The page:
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e-book cover for 'Suffer Little Children'Suffer Little Children - true crime cases of child molestation, mayhem and murder.

Incredible accounts - detailed, searing, forensic, and totally researched.

The stories covered in the collection range from historical to very recent. There is a chapter about the 18th Century torture-murderer Elizabeth Brownrigg, the racist 1955 slaying of Emmett Till and the 1965 Alice Crimmins case.

Other cases include the “Burn Boy” case of David Rothenberg, the famous Polly Klaas case, the murder of child actress Judith Barsi, the molestations committed by “Father” John Geoghan, the torturing to death of Sylvia Likens, the 2011 water-deprivation murder of 10-year-old Jonathan James, and the 1973 case of Poor Little Rich Boy, Jean Paul Getty III, grandson of the wealthiest man on earth. (78,000 words.)

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Read an extract from the book here:

Chapter 1: Elizabeth Brownrigg's Brutality
Living in London, England in the mid-18th Century, Elizabeth Brownrigg was an eminently respectable wife, mother, and midwife. She had long been married to successful housepainter and plumber James Brownrigg, and had borne sixteen children.
 Drawings of her show a dark-haired, middle-aged woman whose most striking feature was her large, hooked, irregular nose. She also possessed a pursed mouth, strong chin, and thin neck. The Brownriggs had grown up in Greenwich where they met and married. In the seventh year of their marriage, they moved to London, probably for the greater employment opportunities there. James Brownrigg made enough at his dual occupations to rent a cottage for vacations.
 However, as the family grew, its finances were squeezed. By the time Elizabeth gave birth to their sixteenth child, they had to give up the cottage.
 Mrs. Brownrigg supplemented the family income by working as a midwife. She became known for her caring and competency and was considered the best midwife in the district. Her services were much sought after so she decided she needed some help in her work and applied for apprentices.
  In 1765, authorities at St. Dunstan's Parish placed impoverished 14-year-old Mary Mitchell in the Brownrigg home as an apprentice. Both the placement officers of St. Dunstan's and the girl herself must have thought her lucky for a chance to learn under the esteemed midwife. Learning such an important skill—in an era when large families were the norm and good midwives were in great demand -- was often the only way for a lower-class girl to escape poverty without ending up in the brothel.
 The first month of Mary Mitchell's apprenticeship passed without incident. Then the busy midwife decided she needed more assistance. Mary Jones, a teenager who had been living in a foundling hospital, joined Mary Mitchell.
  Shortly after that, Mrs. Brownrigg's attitude toward both her young wards changed. She was strangely enraged at them, especially Mary Jones. She often ordered Mary Jones to lay across two chairs, tied her down, and then flogged up and down the girl's body with a whip, only stopping because her arm was too tired to raise it again. Then she splashed water across the beaten, bloodied girl. If Jones fainted, Mrs. Brownrigg shoved her head in a pail of water to revive her.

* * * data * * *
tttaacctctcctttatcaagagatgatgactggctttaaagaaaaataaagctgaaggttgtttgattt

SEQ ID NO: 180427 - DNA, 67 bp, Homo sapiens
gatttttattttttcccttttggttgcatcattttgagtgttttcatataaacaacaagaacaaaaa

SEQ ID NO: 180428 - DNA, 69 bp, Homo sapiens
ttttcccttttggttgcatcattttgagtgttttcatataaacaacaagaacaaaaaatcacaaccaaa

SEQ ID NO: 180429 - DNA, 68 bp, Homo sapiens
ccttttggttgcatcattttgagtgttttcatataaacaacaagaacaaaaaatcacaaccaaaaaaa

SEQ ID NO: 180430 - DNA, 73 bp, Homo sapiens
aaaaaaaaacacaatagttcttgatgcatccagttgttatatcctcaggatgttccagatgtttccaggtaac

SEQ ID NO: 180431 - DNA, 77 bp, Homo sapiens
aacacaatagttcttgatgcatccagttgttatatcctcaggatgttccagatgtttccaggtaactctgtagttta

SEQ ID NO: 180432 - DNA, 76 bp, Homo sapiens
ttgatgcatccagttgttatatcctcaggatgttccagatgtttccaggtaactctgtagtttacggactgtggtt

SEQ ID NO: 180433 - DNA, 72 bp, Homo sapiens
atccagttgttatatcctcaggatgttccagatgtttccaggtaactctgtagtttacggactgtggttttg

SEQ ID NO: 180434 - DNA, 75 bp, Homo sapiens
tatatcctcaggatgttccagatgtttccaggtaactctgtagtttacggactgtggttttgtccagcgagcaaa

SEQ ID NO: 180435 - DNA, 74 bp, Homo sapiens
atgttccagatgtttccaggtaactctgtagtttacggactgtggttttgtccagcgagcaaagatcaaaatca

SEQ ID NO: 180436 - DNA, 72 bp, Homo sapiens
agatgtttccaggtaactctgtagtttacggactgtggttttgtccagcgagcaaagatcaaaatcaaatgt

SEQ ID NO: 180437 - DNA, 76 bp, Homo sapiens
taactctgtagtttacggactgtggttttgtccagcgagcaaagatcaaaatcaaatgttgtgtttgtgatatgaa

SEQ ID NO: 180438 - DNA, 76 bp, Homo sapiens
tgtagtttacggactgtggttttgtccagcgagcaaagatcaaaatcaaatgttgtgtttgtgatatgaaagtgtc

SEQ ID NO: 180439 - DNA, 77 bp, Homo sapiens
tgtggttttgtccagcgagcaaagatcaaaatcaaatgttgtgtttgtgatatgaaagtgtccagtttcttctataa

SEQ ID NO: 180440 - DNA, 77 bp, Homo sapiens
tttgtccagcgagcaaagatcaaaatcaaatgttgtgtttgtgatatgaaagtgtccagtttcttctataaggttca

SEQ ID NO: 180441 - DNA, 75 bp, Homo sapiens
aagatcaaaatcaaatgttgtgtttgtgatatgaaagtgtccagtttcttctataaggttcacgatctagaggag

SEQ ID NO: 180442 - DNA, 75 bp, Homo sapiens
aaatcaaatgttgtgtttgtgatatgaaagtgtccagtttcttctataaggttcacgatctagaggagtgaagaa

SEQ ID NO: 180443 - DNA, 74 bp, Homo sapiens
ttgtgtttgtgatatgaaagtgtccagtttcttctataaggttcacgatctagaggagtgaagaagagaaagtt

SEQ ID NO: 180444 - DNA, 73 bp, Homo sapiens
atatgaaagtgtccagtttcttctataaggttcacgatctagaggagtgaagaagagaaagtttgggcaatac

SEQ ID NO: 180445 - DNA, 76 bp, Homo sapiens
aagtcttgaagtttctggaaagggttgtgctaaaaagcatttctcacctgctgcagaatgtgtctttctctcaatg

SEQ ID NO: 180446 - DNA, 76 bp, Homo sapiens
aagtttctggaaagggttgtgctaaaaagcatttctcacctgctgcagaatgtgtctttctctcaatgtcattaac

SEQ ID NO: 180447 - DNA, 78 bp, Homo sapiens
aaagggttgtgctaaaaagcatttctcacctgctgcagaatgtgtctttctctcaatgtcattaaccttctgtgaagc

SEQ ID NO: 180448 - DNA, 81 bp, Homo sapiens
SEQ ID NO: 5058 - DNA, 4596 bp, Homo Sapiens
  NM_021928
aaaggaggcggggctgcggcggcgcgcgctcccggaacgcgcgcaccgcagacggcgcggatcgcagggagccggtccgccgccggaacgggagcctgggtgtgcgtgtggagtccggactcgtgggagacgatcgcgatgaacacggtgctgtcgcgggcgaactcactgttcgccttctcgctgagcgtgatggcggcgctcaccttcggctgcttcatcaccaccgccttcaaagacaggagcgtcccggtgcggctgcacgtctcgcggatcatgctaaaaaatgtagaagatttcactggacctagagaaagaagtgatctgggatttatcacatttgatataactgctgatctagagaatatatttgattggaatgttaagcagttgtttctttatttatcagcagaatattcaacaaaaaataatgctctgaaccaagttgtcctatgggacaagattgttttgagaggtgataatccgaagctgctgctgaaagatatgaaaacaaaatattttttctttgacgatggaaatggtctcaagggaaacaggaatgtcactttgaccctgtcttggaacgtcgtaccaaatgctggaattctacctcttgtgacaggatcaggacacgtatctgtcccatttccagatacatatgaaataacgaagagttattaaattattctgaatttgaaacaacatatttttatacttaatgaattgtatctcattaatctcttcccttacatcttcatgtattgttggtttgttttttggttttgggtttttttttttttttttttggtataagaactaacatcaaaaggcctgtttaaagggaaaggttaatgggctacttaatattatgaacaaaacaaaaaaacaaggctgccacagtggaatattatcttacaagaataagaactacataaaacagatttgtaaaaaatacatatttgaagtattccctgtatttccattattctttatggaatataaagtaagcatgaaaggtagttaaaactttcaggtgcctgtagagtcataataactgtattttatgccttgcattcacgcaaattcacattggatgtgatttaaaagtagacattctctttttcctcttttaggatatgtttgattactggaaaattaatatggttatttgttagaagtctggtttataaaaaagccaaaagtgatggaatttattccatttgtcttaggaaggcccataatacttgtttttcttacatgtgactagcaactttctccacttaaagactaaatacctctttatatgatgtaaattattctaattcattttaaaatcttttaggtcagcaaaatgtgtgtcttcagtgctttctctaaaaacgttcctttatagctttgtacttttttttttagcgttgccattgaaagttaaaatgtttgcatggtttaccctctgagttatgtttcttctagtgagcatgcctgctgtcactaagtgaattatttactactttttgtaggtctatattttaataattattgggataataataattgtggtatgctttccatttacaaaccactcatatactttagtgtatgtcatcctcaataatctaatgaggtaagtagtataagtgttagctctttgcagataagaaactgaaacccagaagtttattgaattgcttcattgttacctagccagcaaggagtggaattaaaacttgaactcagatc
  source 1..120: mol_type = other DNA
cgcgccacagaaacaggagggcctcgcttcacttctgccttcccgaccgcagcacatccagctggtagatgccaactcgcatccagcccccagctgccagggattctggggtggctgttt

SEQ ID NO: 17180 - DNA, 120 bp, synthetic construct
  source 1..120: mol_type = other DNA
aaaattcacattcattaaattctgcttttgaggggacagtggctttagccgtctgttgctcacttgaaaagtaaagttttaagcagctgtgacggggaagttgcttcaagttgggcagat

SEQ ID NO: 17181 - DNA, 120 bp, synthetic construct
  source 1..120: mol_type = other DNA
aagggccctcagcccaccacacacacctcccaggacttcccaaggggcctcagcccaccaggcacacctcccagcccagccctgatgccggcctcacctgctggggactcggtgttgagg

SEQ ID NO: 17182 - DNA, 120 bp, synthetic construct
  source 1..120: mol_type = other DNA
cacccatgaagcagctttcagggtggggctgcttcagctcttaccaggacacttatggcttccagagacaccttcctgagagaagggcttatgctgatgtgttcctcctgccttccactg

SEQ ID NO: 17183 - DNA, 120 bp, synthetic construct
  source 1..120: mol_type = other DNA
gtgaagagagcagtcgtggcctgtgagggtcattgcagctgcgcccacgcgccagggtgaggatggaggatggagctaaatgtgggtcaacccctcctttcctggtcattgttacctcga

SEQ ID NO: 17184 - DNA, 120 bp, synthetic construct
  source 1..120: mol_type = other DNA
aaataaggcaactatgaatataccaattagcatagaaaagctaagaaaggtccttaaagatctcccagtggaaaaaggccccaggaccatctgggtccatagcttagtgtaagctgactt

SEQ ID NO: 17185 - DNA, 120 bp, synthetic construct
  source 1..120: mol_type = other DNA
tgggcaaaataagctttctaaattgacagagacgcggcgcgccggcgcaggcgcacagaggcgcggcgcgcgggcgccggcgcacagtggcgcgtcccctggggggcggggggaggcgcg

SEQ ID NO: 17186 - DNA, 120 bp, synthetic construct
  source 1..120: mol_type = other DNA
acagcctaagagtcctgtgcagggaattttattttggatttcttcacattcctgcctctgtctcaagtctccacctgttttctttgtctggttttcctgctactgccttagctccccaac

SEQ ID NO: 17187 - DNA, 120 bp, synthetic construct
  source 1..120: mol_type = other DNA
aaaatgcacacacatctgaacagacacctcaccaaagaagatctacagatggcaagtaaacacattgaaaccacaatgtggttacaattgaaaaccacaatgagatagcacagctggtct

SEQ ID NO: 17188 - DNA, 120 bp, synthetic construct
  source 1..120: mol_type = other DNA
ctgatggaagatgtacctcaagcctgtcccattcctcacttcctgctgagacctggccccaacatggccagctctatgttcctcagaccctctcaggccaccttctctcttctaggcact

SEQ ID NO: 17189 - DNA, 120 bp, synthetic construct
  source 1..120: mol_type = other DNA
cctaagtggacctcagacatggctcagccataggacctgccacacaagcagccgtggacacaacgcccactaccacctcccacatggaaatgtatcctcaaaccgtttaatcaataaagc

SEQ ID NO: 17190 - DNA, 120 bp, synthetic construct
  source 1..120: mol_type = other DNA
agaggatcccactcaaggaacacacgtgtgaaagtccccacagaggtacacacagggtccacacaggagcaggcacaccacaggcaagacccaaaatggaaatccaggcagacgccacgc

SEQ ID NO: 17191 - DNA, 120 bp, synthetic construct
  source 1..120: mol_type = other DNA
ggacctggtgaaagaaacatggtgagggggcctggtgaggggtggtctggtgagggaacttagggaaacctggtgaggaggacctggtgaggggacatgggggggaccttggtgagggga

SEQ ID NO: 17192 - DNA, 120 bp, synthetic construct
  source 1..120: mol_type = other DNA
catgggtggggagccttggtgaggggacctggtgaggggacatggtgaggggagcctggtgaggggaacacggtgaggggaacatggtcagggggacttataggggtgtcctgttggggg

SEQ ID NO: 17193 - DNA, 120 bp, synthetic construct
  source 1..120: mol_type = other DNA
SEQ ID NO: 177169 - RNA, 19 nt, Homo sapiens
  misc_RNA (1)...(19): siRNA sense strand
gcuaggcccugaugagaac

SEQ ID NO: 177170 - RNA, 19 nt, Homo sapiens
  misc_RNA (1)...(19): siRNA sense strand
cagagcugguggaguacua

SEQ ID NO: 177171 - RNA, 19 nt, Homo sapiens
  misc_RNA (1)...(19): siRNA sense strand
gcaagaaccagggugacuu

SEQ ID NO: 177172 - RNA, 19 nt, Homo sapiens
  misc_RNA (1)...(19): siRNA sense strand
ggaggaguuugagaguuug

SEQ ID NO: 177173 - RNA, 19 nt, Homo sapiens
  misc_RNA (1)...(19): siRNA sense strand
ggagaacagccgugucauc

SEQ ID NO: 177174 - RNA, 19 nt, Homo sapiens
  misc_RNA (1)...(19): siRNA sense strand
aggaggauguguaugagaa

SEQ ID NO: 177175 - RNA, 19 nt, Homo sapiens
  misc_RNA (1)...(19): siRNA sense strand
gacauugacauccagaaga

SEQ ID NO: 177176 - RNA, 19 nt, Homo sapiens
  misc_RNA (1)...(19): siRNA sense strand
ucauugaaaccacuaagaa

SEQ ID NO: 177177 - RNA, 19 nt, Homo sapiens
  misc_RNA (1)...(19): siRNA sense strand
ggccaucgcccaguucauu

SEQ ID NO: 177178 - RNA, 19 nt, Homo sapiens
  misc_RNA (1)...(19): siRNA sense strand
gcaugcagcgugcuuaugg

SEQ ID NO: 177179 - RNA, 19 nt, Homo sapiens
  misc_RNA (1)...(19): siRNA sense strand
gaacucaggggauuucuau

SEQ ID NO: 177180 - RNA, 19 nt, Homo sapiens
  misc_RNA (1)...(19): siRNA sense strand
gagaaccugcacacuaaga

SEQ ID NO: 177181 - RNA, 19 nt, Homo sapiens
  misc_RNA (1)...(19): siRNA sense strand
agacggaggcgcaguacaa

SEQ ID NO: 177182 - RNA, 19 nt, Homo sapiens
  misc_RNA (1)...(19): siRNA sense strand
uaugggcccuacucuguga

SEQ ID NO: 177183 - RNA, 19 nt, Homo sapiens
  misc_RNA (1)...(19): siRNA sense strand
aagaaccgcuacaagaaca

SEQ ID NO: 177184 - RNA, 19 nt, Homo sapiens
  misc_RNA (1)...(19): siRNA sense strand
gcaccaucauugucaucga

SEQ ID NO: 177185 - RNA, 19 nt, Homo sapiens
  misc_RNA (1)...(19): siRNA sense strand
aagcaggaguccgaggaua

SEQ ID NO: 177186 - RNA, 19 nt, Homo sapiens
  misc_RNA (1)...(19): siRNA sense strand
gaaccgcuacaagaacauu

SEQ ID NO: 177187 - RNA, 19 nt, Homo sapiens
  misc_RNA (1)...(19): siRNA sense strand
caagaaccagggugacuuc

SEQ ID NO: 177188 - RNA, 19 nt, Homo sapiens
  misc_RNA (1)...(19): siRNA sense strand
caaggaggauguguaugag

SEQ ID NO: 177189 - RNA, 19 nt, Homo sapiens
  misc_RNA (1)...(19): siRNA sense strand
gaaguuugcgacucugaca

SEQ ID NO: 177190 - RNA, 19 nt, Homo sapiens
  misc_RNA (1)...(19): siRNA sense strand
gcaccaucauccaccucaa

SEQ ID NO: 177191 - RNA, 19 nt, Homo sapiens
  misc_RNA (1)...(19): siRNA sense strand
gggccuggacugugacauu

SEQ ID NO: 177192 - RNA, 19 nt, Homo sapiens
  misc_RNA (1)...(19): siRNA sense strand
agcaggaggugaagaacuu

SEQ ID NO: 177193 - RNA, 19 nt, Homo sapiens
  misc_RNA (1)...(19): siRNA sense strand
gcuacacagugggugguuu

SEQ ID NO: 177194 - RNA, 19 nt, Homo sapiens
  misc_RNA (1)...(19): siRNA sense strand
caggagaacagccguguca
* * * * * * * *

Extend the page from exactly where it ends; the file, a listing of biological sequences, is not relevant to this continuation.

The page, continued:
Mrs. Brownrigg beat both girls senseless for the slightest offense. She also forbade them to leave the home and locked them in their rooms at night. However, Jones' room was near a hall leading to a door opening into the street. The door to the hall was locked each evening but on one night, the key was left in the lock and Jones saw her chance.
  That morning, she crept softly to that door and stole out into the street. With one eye blinded and covered with wounds, she made her way over the narrow cobblestone streets and back to the foundling hospital. The appalled officials had the hospital's lawyer, Mr. Plumbtree, draw up a letter demanding an explanation for the girl's condition. It was sent to the Brownriggs who made no reply. Amazingly, the hospital's hierarchy took no further action. Perhaps they did not want to antagonize a respected family for the sake of a poor orphan.
  Their inaction left Mary Mitchell a prisoner and victim in the Brownrigg house and she would remain there, regularly tormented, beaten, and humiliated, for a year. As Leonard Gribble wrote in Queens of Crime, Mitchell was 'dressed in filthy rags, forced to spend long hours in manual toil, and given food that was little better than kitchen scourings' while being 'incessantly beaten and mocked.'
  One day Mitchell escaped from the home but John Brownrigg, one of Elizabeth and James' sons, caught her in the street and dragged her back. Mrs. Brownrigg doubled her torments as punishment.
  Mrs. Brownrigg applied to another precinct for another apprentice and a third Mary, 14-year-old Mary Clifford, was put in the Brownrigg home. With Clifford's appearance, the abuse of the apprentices took a particularly humiliating, semi-sexualized turn as both Marys were forced to work naked while Mrs. Brownrigg beat them bloody with brooms, canes and horsewhips. When she got too tired to keep beating them, Mr. Brownrigg or John would take over. Sometimes Mrs. Brownrigg wrapped chains around the girls' necks and nailed one end to a door.